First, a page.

Big cities' ability to offer top-notch jobs may have attracted generations past to put down roots in large metropolises, but work is no longer the only factor in deciding where to live.
The pandemic-inspired trend of people moving to lower-density areas to retire and be closer to family, as well as pursue new careers, continued in 2022, according to a United Van Lines study. And rising costs are now a factor too.
"Americans are now moving from bigger to smaller cities, mostly in the South, some in the West, but even an increase of migration to the Northeast, which has not been typical," said Michael A. Stoll, economist and professor of public policy at UCLA.
The survey echoes Census Bureau data that found, though local moves are at their lowest rate since 1947, longer-distance moves have picked up slightly, which could signal greater population shifts.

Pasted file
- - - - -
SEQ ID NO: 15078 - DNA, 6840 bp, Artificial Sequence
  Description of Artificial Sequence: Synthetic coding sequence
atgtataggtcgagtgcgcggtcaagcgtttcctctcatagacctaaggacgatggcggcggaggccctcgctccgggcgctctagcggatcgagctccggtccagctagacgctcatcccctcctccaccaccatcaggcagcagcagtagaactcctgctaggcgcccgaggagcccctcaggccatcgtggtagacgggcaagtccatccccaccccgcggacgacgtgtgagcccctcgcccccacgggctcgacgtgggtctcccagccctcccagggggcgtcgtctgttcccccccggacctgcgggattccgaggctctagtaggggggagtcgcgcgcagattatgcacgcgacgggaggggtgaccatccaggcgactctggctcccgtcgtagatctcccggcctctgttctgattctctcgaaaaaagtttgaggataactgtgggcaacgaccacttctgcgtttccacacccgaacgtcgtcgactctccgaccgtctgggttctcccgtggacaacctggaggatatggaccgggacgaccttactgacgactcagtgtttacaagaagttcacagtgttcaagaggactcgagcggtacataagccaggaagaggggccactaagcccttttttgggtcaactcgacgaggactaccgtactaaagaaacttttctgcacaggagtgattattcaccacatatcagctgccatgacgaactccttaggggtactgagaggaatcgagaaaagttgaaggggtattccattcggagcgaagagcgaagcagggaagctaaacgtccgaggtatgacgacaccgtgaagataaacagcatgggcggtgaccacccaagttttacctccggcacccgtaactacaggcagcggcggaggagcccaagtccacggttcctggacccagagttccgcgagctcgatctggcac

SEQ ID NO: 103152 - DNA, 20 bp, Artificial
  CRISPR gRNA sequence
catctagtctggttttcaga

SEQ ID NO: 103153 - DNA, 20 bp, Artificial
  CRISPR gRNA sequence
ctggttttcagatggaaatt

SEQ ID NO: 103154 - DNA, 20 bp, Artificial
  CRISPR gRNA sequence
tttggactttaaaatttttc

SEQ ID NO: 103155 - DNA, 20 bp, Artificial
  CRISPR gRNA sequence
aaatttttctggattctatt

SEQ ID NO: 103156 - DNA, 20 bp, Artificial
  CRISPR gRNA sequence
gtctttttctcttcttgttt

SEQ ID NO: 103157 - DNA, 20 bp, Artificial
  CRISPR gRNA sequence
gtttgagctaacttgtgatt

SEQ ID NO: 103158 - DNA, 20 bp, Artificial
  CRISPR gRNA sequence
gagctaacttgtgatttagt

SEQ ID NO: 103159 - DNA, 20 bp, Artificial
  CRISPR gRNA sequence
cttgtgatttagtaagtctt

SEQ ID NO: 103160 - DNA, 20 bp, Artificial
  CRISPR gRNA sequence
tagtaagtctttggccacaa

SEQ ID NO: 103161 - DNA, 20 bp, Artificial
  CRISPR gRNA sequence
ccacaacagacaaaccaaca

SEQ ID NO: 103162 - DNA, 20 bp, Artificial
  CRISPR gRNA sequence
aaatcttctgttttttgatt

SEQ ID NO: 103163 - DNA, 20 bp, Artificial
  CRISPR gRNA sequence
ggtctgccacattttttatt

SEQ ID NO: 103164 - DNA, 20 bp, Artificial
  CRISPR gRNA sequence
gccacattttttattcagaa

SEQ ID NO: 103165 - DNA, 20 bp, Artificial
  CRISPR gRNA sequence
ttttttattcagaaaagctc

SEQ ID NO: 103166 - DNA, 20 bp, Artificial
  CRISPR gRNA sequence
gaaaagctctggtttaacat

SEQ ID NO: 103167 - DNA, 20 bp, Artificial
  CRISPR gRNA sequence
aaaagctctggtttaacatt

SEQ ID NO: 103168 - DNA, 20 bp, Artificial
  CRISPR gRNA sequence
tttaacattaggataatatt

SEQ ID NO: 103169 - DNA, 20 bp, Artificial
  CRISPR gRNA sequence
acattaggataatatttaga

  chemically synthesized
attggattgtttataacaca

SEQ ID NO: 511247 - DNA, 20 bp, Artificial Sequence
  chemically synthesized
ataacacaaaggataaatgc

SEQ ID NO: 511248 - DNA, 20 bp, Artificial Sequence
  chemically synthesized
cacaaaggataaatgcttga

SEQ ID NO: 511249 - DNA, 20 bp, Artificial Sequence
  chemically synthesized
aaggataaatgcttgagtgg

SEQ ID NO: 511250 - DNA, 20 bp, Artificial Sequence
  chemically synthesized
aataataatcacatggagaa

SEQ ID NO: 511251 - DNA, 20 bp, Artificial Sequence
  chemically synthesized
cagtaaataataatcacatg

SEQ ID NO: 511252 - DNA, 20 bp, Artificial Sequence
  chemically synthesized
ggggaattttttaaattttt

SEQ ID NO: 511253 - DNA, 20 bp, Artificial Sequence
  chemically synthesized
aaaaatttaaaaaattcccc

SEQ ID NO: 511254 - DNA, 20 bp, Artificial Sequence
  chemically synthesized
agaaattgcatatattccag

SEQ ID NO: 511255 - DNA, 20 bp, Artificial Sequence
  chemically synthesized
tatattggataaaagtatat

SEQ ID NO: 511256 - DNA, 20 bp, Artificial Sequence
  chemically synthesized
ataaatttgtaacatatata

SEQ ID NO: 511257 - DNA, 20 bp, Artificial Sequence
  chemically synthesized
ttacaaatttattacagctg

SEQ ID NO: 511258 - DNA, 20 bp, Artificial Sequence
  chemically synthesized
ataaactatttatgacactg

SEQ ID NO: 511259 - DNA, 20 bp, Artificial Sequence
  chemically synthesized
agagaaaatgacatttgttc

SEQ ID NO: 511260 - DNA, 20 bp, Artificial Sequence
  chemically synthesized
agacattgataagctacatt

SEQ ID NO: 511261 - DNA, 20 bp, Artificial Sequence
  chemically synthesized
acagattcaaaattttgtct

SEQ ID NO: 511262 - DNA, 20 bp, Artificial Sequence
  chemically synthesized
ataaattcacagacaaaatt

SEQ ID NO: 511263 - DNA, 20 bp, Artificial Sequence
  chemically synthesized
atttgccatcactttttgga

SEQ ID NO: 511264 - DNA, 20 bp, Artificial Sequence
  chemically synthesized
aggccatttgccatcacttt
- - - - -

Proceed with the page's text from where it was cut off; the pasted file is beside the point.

Still, two large demographic groups are bucking the trend to flee urban jungles. Generation Z (those born from 1997 to 2013) and younger millennials (1981-96) continued to move to big cities like Washington and Portland, Oregon.
But even as people moved for work (or to retire from it), inflation has also inspired many to seek cheaper destinations — but not without consequences for longtime locals when the less-expensive location becomes trendy and more expensive.
"For the last several years, Idaho was a top destination, as Americans migrated from Northern California, Washington and even Oregon due to a similar lifestyle in the state," United Van Lines spokesperson Eily Cummings said in a news release.
"With an influx of new residents, housing prices and other living costs start to increase over time, and these popular destinations become hot spots for inflation," she said. "As a result, the study underscored that Americans are moving from expensive cities to lower-density, more affordable regions."
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